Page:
The email correspondence will help Demilitarize McGill "fill in gaps" and "get a fuller picture of what kind of military research is going on," O'Neal explained to rabble.

Demilitarize McGill hopes that the emails will reveal the exact models of aircrafts, helicopters, and drones that use Professor Habashi's software.

But because O'Neal filed the ATI request four years ago and could not update the parameters of her original request, the documents only date until 2013. "That's a bit tricky, and it does present some challenges in terms of filling in recent gaps," O'Neal lamented.

Other students who filed similar ATI requests are still waiting for McGill to hand over documents.

As to the significance of McGill's concession, O'Neal believes that "the public scrutiny of [McGill] and the attention to their ATI practices means that it's a good time to submit ATI requests." O'Neal cited Divest McGill, labour unions on campus, and BDS McGill as other student campaigns that could benefit from submitting ATI requests.

O'Neal argued that the ATI requests are a "means to an end" for Demilitarize McGill, and that McGill's concession "gives me hope that [McGill] will also cave to campaign pressure in the future with regard to our broader goals of shutting down the weapons labs."

Sophia Reuss is a Montreal-based writer, editor, and is a recent graduate of McGill University. She's interested in how online media and journalism facilitate public accessibility and conversation. Sophia also writes and edits for the Alternatives International Journal. She is rabble's current news intern.

Photo: flickr/Viola Ng

 

Further Reading

Thank you for reading this story...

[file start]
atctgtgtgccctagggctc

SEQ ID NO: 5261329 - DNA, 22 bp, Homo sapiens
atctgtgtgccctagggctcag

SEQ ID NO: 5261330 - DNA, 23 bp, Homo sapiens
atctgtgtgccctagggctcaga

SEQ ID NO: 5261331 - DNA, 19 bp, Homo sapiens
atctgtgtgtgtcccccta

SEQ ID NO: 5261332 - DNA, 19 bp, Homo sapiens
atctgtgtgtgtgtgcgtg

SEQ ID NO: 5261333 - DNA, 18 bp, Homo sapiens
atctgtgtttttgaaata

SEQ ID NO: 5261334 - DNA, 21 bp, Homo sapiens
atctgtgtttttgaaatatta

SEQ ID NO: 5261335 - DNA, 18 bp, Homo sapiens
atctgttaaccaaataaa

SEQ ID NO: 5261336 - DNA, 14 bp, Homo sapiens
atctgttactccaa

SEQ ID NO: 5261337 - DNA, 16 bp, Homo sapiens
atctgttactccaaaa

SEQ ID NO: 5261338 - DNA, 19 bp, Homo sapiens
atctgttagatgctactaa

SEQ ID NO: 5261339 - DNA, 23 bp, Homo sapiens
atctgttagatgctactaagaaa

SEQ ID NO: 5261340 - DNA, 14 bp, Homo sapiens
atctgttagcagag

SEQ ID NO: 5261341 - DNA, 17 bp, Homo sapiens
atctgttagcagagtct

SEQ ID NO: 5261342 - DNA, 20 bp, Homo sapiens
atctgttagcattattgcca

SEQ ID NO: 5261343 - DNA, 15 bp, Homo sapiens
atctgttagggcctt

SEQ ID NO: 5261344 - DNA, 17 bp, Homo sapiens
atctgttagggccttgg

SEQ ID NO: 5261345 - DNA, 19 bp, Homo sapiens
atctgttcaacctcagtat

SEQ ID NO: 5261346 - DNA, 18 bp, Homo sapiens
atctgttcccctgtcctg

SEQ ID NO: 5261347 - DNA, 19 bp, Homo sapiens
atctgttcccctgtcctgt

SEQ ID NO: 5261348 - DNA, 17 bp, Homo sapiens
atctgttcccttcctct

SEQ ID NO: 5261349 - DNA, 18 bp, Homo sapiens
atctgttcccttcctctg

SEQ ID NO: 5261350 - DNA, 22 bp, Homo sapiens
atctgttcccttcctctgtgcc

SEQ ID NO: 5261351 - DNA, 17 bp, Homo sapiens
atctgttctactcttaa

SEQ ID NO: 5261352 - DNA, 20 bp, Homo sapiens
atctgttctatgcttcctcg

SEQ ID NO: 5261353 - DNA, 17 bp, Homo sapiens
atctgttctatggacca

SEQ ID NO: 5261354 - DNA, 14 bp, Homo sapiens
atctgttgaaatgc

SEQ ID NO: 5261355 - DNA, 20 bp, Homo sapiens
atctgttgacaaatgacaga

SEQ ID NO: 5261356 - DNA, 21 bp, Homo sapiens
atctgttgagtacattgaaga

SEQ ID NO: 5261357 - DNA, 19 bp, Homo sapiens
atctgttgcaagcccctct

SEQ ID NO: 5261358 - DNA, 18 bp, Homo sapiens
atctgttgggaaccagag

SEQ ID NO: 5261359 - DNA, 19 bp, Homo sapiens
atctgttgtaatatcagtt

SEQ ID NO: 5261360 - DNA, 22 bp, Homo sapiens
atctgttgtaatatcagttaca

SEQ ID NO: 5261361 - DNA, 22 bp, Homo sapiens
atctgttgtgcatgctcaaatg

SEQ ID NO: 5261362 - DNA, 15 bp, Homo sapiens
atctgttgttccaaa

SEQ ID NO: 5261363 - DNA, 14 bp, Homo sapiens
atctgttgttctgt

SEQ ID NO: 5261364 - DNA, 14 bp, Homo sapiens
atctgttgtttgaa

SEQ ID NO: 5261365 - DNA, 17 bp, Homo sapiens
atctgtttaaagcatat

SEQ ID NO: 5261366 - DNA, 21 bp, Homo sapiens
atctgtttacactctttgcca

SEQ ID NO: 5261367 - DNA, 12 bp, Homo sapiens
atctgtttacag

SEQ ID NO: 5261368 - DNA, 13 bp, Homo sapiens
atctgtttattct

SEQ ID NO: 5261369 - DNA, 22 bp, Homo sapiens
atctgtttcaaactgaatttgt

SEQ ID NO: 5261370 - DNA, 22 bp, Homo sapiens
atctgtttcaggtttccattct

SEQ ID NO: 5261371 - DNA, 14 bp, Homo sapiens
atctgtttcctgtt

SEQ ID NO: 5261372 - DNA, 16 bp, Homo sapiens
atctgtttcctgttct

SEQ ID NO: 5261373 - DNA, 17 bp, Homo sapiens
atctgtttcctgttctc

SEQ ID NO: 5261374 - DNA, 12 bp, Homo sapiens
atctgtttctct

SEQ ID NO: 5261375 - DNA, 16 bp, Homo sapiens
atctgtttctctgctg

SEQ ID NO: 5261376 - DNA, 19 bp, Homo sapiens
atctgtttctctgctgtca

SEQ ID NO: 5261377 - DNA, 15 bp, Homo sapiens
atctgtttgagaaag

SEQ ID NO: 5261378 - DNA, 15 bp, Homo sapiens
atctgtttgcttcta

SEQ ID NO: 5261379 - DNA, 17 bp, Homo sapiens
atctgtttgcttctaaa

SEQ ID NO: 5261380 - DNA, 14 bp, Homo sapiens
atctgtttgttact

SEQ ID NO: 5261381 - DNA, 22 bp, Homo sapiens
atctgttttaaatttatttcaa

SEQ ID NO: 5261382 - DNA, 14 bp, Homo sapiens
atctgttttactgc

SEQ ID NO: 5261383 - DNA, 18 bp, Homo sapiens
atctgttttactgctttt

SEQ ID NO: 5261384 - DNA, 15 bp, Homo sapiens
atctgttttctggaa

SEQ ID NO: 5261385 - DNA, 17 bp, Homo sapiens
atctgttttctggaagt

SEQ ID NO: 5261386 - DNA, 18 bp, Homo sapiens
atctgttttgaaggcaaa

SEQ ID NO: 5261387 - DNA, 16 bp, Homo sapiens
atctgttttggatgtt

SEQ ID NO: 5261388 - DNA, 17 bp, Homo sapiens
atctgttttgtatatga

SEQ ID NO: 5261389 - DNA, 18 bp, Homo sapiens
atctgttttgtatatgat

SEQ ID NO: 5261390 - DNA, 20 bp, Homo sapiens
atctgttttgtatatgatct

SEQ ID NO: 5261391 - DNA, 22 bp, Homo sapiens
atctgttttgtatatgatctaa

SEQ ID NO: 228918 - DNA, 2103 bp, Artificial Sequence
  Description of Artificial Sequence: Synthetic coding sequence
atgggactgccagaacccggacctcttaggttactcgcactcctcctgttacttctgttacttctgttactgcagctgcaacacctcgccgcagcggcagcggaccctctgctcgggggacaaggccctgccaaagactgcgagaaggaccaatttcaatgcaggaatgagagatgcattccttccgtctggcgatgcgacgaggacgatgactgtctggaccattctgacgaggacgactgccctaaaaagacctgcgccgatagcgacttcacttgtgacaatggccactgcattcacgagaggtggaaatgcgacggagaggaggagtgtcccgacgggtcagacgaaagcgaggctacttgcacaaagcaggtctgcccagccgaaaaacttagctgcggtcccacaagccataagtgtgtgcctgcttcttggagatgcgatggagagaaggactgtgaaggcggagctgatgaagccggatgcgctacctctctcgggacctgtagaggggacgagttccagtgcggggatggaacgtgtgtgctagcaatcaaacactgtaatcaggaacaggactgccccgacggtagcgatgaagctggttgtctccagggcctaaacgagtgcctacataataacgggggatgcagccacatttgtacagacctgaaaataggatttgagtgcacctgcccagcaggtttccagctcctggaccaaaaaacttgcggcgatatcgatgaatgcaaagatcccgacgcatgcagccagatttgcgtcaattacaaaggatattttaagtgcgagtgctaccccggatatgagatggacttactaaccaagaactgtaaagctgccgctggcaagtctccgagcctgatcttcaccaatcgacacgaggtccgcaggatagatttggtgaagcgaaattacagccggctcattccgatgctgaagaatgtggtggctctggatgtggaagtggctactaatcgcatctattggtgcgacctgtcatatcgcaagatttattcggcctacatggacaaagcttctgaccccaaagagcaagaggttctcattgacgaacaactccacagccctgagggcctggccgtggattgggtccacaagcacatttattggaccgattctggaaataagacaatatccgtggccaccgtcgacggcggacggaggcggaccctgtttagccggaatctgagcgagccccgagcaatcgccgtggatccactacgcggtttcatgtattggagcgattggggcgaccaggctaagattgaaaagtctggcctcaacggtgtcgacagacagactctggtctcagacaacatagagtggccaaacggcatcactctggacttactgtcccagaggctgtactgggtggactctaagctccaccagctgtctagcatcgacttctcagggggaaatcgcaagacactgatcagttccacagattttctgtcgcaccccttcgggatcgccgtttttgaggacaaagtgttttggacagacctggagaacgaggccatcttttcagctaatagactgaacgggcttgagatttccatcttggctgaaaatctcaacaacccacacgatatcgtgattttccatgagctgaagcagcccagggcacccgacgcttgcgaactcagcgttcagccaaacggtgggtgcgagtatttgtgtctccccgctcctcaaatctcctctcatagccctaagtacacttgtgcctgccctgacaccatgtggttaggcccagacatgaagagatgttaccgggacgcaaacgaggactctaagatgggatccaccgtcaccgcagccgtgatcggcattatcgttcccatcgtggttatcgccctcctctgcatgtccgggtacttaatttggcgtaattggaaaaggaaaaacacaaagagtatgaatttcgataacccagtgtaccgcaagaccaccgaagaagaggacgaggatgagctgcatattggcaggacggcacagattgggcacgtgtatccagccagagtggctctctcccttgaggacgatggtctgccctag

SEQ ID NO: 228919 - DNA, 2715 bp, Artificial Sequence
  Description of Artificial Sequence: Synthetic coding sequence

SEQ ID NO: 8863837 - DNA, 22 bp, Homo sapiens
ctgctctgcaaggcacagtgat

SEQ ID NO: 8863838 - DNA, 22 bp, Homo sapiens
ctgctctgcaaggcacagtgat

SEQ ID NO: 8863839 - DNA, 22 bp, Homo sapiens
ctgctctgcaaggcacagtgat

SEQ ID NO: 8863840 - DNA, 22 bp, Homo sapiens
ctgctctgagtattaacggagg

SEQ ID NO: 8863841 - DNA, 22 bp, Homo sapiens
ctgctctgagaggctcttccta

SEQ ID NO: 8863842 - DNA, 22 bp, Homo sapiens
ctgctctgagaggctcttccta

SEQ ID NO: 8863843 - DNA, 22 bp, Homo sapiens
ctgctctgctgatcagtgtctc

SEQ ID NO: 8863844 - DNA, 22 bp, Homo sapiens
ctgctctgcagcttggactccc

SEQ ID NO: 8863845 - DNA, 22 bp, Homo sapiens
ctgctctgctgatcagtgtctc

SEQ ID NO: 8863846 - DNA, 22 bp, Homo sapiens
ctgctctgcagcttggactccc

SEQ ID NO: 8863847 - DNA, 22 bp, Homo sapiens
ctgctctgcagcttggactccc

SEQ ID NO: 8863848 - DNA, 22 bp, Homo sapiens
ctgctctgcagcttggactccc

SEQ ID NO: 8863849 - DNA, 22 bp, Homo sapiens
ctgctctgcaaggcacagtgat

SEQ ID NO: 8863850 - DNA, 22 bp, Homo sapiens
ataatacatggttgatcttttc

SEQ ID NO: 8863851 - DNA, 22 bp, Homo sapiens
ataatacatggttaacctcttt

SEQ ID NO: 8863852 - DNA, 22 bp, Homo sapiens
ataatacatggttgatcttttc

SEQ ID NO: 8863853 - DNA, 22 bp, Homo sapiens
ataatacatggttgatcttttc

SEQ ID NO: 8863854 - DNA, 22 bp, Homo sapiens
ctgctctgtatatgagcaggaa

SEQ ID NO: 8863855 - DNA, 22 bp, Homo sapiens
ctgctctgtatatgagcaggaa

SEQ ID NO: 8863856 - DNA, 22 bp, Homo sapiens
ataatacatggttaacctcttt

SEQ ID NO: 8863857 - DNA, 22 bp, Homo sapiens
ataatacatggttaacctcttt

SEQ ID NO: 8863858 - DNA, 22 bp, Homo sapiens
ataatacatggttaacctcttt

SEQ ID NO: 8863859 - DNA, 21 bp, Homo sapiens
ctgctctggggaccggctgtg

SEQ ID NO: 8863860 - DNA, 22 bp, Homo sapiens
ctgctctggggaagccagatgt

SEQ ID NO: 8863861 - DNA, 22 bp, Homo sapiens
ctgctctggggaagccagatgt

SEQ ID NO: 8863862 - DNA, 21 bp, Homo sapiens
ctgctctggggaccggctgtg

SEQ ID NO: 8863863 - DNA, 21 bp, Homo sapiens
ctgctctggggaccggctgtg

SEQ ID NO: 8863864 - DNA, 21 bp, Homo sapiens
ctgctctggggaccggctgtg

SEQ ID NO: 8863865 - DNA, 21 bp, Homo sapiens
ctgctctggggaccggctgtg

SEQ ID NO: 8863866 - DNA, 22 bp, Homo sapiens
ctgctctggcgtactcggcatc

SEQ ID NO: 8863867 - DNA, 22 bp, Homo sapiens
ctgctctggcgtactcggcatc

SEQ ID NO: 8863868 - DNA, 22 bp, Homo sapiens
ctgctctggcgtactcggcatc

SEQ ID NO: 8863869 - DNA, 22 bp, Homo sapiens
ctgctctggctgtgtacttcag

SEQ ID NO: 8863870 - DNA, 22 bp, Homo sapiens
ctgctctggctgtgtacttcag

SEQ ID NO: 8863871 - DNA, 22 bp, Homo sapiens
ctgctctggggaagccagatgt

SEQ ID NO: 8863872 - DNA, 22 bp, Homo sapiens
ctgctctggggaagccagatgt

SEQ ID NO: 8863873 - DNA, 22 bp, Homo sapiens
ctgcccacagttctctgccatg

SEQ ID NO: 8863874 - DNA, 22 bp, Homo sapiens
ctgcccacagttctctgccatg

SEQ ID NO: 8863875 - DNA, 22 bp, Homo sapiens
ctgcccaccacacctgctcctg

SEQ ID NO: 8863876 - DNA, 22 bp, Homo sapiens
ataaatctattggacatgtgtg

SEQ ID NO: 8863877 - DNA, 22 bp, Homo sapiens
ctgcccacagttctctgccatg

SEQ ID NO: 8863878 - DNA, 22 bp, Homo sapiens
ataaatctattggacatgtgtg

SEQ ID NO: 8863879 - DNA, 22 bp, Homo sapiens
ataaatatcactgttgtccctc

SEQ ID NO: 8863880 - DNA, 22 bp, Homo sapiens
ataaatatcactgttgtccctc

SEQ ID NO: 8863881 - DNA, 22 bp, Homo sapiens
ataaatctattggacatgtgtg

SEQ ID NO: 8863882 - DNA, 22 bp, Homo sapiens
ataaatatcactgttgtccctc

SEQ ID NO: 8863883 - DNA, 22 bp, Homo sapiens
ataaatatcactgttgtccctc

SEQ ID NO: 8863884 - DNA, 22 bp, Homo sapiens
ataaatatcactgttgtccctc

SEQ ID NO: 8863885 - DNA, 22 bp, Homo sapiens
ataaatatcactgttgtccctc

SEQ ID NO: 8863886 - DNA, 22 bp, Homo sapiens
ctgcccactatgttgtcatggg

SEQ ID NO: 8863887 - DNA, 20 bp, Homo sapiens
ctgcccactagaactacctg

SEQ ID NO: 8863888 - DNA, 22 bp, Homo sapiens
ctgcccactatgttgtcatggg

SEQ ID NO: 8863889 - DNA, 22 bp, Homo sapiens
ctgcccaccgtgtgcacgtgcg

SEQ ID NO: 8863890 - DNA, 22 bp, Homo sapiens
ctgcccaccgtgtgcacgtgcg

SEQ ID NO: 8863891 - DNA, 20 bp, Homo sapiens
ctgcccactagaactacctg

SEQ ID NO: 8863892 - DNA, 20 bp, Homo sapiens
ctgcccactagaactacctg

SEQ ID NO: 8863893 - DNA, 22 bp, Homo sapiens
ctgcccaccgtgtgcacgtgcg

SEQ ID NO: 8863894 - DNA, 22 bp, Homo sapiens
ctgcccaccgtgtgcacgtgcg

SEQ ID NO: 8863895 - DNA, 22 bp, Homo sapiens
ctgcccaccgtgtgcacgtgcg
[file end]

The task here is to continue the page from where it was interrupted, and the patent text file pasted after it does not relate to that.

More people are reading rabble.ca than ever and unlike many news organizations, we have never put up a paywall – at rabble we’ve always believed in making our reporting and analysis free to all. But media isn’t free to produce. rabble’s total budget is likely less than what big corporate media spend on photocopying (we kid you not!) and we do not have any major foundation, sponsor or angel investor. Our only supporters are people and organizations -- like you. This is why we need your help.

If everyone who visits rabble and likes it chipped in a couple of dollars per month, our future would be much more secure and we could do much more: like the things our readers tell us they want to see more of: more staff reporters and more work to complete the upgrade of our website.

We’re asking if you could make a donation, right now, to set rabble on solid footing in 2017.

Make a donation.Become a monthly supporter.

Comments

We welcome your comments! rabble.ca embraces a pro-human rights, pro-feminist, anti-racist, queer-positive, anti-imperialist and pro-labour stance, and encourages discussions which develop progressive thought. Our full comment policy can be found here. Learn more about Disqus on rabble.ca and your privacy here. Please keep in mind:

Do

  • Tell the truth and avoid rumours.
  • Add context and background.
  • Report typos and logical fallacies.
  • Be respectful.
  • Respect copyright - link to articles.
  • Stay focused. Bring in-depth commentary to our discussion forum, babble.

Don't

  • Use oppressive/offensive language.
  • Libel or defame.
  • Bully or troll.
  • Post spam.
  • Engage trolls. Flag suspect activity instead.